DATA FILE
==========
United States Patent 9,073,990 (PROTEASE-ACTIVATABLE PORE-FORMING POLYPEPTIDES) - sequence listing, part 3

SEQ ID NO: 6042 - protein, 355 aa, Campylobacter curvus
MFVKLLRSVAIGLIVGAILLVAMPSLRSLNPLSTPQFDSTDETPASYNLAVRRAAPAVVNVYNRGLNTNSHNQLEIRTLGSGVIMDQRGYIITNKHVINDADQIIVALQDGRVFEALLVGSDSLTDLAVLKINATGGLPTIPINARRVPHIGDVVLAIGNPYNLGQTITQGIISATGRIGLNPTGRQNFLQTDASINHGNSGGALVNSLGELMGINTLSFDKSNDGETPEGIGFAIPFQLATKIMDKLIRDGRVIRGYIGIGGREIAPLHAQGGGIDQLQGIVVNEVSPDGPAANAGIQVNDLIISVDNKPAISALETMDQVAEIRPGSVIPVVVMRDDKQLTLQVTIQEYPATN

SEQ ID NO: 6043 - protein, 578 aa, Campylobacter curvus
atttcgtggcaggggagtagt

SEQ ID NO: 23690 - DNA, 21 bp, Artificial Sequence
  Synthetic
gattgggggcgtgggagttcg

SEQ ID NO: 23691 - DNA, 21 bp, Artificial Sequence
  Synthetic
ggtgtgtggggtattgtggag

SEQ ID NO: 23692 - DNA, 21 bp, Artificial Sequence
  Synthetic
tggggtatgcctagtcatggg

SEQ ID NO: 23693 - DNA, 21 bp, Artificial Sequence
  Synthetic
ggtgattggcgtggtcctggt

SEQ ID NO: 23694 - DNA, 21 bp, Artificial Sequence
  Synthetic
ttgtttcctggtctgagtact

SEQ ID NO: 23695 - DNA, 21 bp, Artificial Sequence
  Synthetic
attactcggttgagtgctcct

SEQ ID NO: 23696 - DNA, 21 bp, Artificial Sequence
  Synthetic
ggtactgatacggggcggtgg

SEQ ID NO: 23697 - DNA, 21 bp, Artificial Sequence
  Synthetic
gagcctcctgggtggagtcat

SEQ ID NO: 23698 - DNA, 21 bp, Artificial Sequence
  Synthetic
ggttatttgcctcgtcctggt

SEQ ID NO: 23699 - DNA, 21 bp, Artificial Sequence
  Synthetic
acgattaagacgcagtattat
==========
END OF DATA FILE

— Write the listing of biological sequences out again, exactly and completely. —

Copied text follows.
United States Patent 9,073,990 (PROTEASE-ACTIVATABLE PORE-FORMING POLYPEPTIDES) - sequence listing, part 3

SEQ ID NO: 6042 - protein, 355 aa, Campylobacter curvus
MFVKLLRSVAIGLIVGAILLVAMPSLRSLNPLSTPQFDSTDETPASYNLAVRRAAPAVVNVYNRGLNTNSHNQLEIRTLGSGVIMDQRGYIITNKHVINDADQIIVALQDGRVFEALLVGSDSLTDLAVLKINATGGLPTIPINARRVPHIGDVVLAIGNPYNLGQTITQGIISATGRIGLNPTGRQNFLQTDASINHGNSGGALVNSLGELMGINTLSFDKSNDGETPEGIGFAIPFQLATKIMDKLIRDGRVIRGYIGIGGREIAPLHAQGGGIDQLQGIVVNEVSPDGPAANAGIQVNDLIISVDNKPAISALETMDQVAEIRPGSVIPVVVMRDDKQLTLQVTIQEYPATN

SEQ ID NO: 6043 - protein, 578 aa, Campylobacter curvus
atttcgtggcaggggagtagt

SEQ ID NO: 23690 - DNA, 21 bp, Artificial Sequence
  Synthetic
gattgggggcgtgggagttcg

SEQ ID NO: 23691 - DNA, 21 bp, Artificial Sequence
  Synthetic
ggtgtgtggggtattgtggag

SEQ ID NO: 23692 - DNA, 21 bp, Artificial Sequence
  Synthetic
tggggtatgcctagtcatggg

SEQ ID NO: 23693 - DNA, 21 bp, Artificial Sequence
  Synthetic
ggtgattggcgtggtcctggt

SEQ ID NO: 23694 - DNA, 21 bp, Artificial Sequence
  Synthetic
ttgtttcctggtctgagtact

SEQ ID NO: 23695 - DNA, 21 bp, Artificial Sequence
  Synthetic
attactcggttgagtgctcct

SEQ ID NO: 23696 - DNA, 21 bp, Artificial Sequence
  Synthetic
ggtactgatacggggcggtgg

SEQ ID NO: 23697 - DNA, 21 bp, Artificial Sequence
  Synthetic
gagcctcctgggtggagtcat

SEQ ID NO: 23698 - DNA, 21 bp, Artificial Sequence
  Synthetic
ggttatttgcctcgtcctggt

SEQ ID NO: 23699 - DNA, 21 bp, Artificial Sequence
  Synthetic
acgattaagacgcagtattat